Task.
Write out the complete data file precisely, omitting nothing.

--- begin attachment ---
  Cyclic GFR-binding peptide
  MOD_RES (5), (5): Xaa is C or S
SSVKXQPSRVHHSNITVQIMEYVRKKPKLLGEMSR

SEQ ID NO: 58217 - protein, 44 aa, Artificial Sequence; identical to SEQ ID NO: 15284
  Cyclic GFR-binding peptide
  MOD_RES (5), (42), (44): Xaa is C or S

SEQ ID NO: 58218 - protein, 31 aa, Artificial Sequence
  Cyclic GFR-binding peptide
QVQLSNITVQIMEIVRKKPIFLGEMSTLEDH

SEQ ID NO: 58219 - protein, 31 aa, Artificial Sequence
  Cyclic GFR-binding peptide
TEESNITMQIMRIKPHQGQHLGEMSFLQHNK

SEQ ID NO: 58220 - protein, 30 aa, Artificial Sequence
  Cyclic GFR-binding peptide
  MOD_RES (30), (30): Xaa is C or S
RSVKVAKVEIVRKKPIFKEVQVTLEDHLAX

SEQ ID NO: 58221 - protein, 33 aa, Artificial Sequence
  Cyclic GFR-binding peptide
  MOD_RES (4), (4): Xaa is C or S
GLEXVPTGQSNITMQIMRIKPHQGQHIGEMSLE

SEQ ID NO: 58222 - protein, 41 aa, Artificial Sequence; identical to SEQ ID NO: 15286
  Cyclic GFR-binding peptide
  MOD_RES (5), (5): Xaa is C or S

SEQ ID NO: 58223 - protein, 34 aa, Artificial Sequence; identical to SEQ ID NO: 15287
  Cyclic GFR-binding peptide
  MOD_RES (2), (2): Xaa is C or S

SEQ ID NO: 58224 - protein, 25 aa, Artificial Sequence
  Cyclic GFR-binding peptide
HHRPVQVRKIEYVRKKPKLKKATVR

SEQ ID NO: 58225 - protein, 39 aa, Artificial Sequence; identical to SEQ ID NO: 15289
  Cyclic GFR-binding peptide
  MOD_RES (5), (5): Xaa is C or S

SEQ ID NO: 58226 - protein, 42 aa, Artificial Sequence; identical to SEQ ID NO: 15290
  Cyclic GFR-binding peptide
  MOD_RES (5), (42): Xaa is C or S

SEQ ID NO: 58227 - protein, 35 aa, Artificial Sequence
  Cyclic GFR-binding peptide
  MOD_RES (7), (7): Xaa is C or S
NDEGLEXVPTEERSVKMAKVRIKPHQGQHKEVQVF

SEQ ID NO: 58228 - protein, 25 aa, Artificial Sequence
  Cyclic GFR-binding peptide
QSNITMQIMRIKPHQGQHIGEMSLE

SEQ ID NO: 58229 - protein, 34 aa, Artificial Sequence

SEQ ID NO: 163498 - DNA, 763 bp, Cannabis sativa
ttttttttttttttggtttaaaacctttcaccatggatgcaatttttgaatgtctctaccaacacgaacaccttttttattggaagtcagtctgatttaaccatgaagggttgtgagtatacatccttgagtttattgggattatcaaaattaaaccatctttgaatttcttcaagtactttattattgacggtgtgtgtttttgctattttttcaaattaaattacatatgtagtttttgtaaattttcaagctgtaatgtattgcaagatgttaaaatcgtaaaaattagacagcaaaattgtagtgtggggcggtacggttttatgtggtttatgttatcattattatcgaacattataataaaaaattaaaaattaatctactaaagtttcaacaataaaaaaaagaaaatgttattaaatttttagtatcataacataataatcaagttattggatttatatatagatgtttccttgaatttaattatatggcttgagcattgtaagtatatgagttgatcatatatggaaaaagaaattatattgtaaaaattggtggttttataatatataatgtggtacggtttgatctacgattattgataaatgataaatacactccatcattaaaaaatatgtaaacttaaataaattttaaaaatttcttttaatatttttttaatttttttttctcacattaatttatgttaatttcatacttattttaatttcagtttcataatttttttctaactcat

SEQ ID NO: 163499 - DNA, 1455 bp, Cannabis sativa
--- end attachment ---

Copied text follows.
  Cyclic GFR-binding peptide
  MOD_RES (5), (5): Xaa is C or S
SSVKXQPSRVHHSNITVQIMEYVRKKPKLLGEMSR

SEQ ID NO: 58217 - protein, 44 aa, Artificial Sequence; identical to SEQ ID NO: 15284
  Cyclic GFR-binding peptide
  MOD_RES (5), (42), (44): Xaa is C or S

SEQ ID NO: 58218 - protein, 31 aa, Artificial Sequence
  Cyclic GFR-binding peptide
QVQLSNITVQIMEIVRKKPIFLGEMSTLEDH

SEQ ID NO: 58219 - protein, 31 aa, Artificial Sequence
  Cyclic GFR-binding peptide
TEESNITMQIMRIKPHQGQHLGEMSFLQHNK

SEQ ID NO: 58220 - protein, 30 aa, Artificial Sequence
  Cyclic GFR-binding peptide
  MOD_RES (30), (30): Xaa is C or S
RSVKVAKVEIVRKKPIFKEVQVTLEDHLAX

SEQ ID NO: 58221 - protein, 33 aa, Artificial Sequence
  Cyclic GFR-binding peptide
  MOD_RES (4), (4): Xaa is C or S
GLEXVPTGQSNITMQIMRIKPHQGQHIGEMSLE

SEQ ID NO: 58222 - protein, 41 aa, Artificial Sequence; identical to SEQ ID NO: 15286
  Cyclic GFR-binding peptide
  MOD_RES (5), (5): Xaa is C or S

SEQ ID NO: 58223 - protein, 34 aa, Artificial Sequence; identical to SEQ ID NO: 15287
  Cyclic GFR-binding peptide
  MOD_RES (2), (2): Xaa is C or S

SEQ ID NO: 58224 - protein, 25 aa, Artificial Sequence
  Cyclic GFR-binding peptide
HHRPVQVRKIEYVRKKPKLKKATVR

SEQ ID NO: 58225 - protein, 39 aa, Artificial Sequence; identical to SEQ ID NO: 15289
  Cyclic GFR-binding peptide
  MOD_RES (5), (5): Xaa is C or S

SEQ ID NO: 58226 - protein, 42 aa, Artificial Sequence; identical to SEQ ID NO: 15290
  Cyclic GFR-binding peptide
  MOD_RES (5), (42): Xaa is C or S

SEQ ID NO: 58227 - protein, 35 aa, Artificial Sequence
  Cyclic GFR-binding peptide
  MOD_RES (7), (7): Xaa is C or S
NDEGLEXVPTEERSVKMAKVRIKPHQGQHKEVQVF

SEQ ID NO: 58228 - protein, 25 aa, Artificial Sequence
  Cyclic GFR-binding peptide
QSNITMQIMRIKPHQGQHIGEMSLE

SEQ ID NO: 58229 - protein, 34 aa, Artificial Sequence

SEQ ID NO: 163498 - DNA, 763 bp, Cannabis sativa
ttttttttttttttggtttaaaacctttcaccatggatgcaatttttgaatgtctctaccaacacgaacaccttttttattggaagtcagtctgatttaaccatgaagggttgtgagtatacatccttgagtttattgggattatcaaaattaaaccatctttgaatttcttcaagtactttattattgacggtgtgtgtttttgctattttttcaaattaaattacatatgtagtttttgtaaattttcaagctgtaatgtattgcaagatgttaaaatcgtaaaaattagacagcaaaattgtagtgtggggcggtacggttttatgtggtttatgttatcattattatcgaacattataataaaaaattaaaaattaatctactaaagtttcaacaataaaaaaaagaaaatgttattaaatttttagtatcataacataataatcaagttattggatttatatatagatgtttccttgaatttaattatatggcttgagcattgtaagtatatgagttgatcatatatggaaaaagaaattatattgtaaaaattggtggttttataatatataatgtggtacggtttgatctacgattattgataaatgataaatacactccatcattaaaaaatatgtaaacttaaataaattttaaaaatttcttttaatatttttttaatttttttttctcacattaatttatgttaatttcatacttattttaatttcagtttcataatttttttctaactcat

SEQ ID NO: 163499 - DNA, 1455 bp, Cannabis sativa